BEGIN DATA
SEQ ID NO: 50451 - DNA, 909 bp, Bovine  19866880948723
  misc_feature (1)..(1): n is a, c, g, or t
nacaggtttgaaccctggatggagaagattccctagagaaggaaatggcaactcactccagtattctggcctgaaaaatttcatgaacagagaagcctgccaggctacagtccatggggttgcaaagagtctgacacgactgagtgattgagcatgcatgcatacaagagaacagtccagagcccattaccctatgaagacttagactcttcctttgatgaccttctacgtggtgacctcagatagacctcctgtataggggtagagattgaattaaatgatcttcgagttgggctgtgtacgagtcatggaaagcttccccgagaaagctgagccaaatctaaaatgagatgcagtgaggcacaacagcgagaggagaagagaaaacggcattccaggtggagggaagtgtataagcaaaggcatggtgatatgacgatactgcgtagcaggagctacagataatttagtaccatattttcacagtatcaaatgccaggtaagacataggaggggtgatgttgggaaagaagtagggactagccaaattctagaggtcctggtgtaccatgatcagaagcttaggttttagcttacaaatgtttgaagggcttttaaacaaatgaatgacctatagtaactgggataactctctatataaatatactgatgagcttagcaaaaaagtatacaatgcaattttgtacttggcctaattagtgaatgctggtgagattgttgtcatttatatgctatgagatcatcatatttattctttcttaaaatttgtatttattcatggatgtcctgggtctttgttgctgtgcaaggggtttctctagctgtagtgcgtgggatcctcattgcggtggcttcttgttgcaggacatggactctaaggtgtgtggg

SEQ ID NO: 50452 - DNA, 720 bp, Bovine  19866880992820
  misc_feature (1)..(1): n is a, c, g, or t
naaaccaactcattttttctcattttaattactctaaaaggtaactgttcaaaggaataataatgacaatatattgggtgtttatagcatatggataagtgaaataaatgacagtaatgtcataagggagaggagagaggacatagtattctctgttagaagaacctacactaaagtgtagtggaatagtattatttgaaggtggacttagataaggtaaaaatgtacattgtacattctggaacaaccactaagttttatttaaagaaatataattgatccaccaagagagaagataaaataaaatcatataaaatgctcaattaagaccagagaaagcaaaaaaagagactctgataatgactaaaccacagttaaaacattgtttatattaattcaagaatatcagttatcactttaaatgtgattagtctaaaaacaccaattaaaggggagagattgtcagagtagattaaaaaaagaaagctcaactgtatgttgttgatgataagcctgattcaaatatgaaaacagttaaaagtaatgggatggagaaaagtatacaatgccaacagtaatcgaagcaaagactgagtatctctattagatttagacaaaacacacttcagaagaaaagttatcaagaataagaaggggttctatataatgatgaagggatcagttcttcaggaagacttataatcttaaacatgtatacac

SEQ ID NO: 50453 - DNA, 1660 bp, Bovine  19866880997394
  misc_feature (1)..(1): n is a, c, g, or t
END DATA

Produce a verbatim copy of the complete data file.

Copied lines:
SEQ ID NO: 50451 - DNA, 909 bp, Bovine  19866880948723
  misc_feature (1)..(1): n is a, c, g, or t
nacaggtttgaaccctggatggagaagattccctagagaaggaaatggcaactcactccagtattctggcctgaaaaatttcatgaacagagaagcctgccaggctacagtccatggggttgcaaagagtctgacacgactgagtgattgagcatgcatgcatacaagagaacagtccagagcccattaccctatgaagacttagactcttcctttgatgaccttctacgtggtgacctcagatagacctcctgtataggggtagagattgaattaaatgatcttcgagttgggctgtgtacgagtcatggaaagcttccccgagaaagctgagccaaatctaaaatgagatgcagtgaggcacaacagcgagaggagaagagaaaacggcattccaggtggagggaagtgtataagcaaaggcatggtgatatgacgatactgcgtagcaggagctacagataatttagtaccatattttcacagtatcaaatgccaggtaagacataggaggggtgatgttgggaaagaagtagggactagccaaattctagaggtcctggtgtaccatgatcagaagcttaggttttagcttacaaatgtttgaagggcttttaaacaaatgaatgacctatagtaactgggataactctctatataaatatactgatgagcttagcaaaaaagtatacaatgcaattttgtacttggcctaattagtgaatgctggtgagattgttgtcatttatatgctatgagatcatcatatttattctttcttaaaatttgtatttattcatggatgtcctgggtctttgttgctgtgcaaggggtttctctagctgtagtgcgtgggatcctcattgcggtggcttcttgttgcaggacatggactctaaggtgtgtggg

SEQ ID NO: 50452 - DNA, 720 bp, Bovine  19866880992820
  misc_feature (1)..(1): n is a, c, g, or t
naaaccaactcattttttctcattttaattactctaaaaggtaactgttcaaaggaataataatgacaatatattgggtgtttatagcatatggataagtgaaataaatgacagtaatgtcataagggagaggagagaggacatagtattctctgttagaagaacctacactaaagtgtagtggaatagtattatttgaaggtggacttagataaggtaaaaatgtacattgtacattctggaacaaccactaagttttatttaaagaaatataattgatccaccaagagagaagataaaataaaatcatataaaatgctcaattaagaccagagaaagcaaaaaaagagactctgataatgactaaaccacagttaaaacattgtttatattaattcaagaatatcagttatcactttaaatgtgattagtctaaaaacaccaattaaaggggagagattgtcagagtagattaaaaaaagaaagctcaactgtatgttgttgatgataagcctgattcaaatatgaaaacagttaaaagtaatgggatggagaaaagtatacaatgccaacagtaatcgaagcaaagactgagtatctctattagatttagacaaaacacacttcagaagaaaagttatcaagaataagaaggggttctatataatgatgaagggatcagttcttcaggaagacttataatcttaaacatgtatacac

SEQ ID NO: 50453 - DNA, 1660 bp, Bovine  19866880997394
  misc_feature (1)..(1): n is a, c, g, or t